SXSW 2024: FAMILY Explores The Horror And Pain of Illness

Sometimes it is difficult to figure out what angle to attack a review from, especially in regards to festival coverage. Occasionally that is due to the fact that what makes a film distinctive is due to a final act twist or surprise, and you want to delicately approach avoiding spoilers for a film you are among a handful of people to see. Other times it is due to having so much to say that you aren’t sure how to condense it. And other times there is such joy and mystery in the journey of watching the film itself that you don’t want to linger too much as to strip away that experience from a future potential viewer.

Family, the directorial debut from Benjamin Finkel that premiered last night as SXSW, firmly falls into that last category. From its opening scene to its final frame, you are pulled through a distinctive, confident vision that establishes itself throughout. But even as you think you have your feet beneath you, it pulls the rug out, diving into deeper dreaminess that equally reminds of the most unsettling elements of David Lynch and Ari Aster. What can on the surface feel like a creeping monster film reveals itself to be a powerful meditation on the forces of grief and anxiety and their ability to completely dismember you. If you are already convinced to seek it out, I need not say more. But in case you’re not sold, read on.

Family tells the story of Johanna (Cameron Dawson Gray in their feature film debut), a young girl whose father is very sick. As her family moves into a new home, she wanders the strange creaking hallways, making videos to document it all and hyperfixating on a strangely shaped birdhouse that seems to have pinned all of her family’s future hopes onto. But soon her hope metamorphosizes into dread as both her parents begin acting strangely, and a malevolent force calls to her from the birdhouse, warning her that Johanna is not safe, least of all from her own parents.

The first act of Family is likely its quietest, but also in many ways it also is its more disorienting. There is something about the half-heard conversations and distinctive perspective of youth that Finkel utilizes that feels keenly observed. The film draws from his own experiences with his father’s sickness as a youth, thus the authenticity of illness hanging as this unspeakable force directly under the skin sets a mood that is only enhanced once supernatural, unexplainable occurrences begin. This is the great strength of Family, how it can flow in and out of the unknown and the all too familiar with ease, keeping you on the toes of what precisely is being revealed at any given time.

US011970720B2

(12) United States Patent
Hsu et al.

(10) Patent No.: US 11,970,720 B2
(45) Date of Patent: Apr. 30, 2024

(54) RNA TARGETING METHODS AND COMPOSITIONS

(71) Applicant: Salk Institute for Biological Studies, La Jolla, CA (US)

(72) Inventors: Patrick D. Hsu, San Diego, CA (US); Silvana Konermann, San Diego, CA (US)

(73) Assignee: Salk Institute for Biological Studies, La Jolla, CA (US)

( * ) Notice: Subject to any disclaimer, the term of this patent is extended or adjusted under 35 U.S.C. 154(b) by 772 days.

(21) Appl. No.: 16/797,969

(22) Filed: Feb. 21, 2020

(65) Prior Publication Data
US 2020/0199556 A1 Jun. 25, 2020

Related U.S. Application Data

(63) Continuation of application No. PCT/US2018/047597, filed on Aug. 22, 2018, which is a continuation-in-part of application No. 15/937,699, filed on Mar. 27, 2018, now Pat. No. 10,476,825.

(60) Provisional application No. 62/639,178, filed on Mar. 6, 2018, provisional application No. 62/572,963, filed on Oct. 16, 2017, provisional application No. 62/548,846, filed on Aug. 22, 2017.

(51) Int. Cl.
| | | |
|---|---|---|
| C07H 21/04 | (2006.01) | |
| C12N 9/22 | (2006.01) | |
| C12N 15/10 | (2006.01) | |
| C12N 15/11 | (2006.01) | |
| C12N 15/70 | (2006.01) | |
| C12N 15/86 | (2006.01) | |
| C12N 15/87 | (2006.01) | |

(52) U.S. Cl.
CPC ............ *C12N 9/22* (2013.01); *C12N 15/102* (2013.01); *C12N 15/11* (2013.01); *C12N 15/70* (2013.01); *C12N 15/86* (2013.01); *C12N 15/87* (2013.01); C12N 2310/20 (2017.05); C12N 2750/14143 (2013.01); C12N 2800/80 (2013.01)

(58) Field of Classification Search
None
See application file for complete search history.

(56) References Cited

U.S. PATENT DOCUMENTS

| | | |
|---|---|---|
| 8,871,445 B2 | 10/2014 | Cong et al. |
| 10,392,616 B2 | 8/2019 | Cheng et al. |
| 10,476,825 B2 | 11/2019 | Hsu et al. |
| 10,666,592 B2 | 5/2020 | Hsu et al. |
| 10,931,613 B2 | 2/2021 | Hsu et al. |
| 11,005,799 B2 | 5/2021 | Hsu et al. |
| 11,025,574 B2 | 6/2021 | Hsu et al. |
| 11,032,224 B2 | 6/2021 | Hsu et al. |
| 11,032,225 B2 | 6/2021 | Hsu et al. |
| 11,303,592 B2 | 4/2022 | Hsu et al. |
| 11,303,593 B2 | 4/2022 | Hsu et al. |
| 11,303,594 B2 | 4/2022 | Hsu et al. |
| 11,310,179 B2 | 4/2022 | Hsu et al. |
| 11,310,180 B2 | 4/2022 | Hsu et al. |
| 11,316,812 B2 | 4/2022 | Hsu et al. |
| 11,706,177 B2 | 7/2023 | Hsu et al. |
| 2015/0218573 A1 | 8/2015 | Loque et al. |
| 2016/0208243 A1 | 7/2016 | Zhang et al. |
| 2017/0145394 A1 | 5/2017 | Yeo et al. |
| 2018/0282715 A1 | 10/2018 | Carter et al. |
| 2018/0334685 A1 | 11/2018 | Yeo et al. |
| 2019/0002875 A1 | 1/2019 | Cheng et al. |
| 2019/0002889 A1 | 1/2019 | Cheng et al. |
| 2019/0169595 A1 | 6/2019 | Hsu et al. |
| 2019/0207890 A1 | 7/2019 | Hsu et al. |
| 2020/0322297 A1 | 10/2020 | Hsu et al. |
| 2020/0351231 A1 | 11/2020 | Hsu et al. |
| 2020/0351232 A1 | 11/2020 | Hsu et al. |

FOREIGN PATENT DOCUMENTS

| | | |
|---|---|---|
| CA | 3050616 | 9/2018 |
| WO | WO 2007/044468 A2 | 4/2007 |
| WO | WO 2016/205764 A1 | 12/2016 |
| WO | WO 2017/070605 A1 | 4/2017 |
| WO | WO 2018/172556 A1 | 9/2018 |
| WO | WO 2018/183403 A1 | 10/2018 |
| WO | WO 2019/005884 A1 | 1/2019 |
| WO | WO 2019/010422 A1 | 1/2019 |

Family also has a lot of earmarks that distinguish it as a premiere film from an indie filmmaker: a small cast, mostly shot on one location, and uses its special effects shots sparingly. But Finkel uses these limitations to his advantage, leaning on his actors to help him in setting the tone. Dawson Gray lives in the tension of the waking nightmare, while both Ruth Wilson and Ben Chaplin dance along the edge of trying to be present parents to Johanna, while also being consumed by their own world’s crumbling around them. Wilson and Chaplin are routinely tasked and nail turning a scene on a dime, shifting from comforting to unnerving and back.

 But perhaps the film’s greatest achievement is how keenly it observes all aspects of the family in crisis, both the way that a child perceives family illness and the unsettling impact that can have on their sense of the universe, but also the pressure it places on the parents to remain calm in the face of devastation. Complex emotional turmoil abounds, and underlines each whispered demonic threat. Perhaps Family’s most horrifying element is how helplessly fragile our more necessary structures prove themselves to be in the face of the unknown, and how quickly they can unravel. It is a pain and horror that Finkel clearly knows all too well, and captures in this hugely promising debut.

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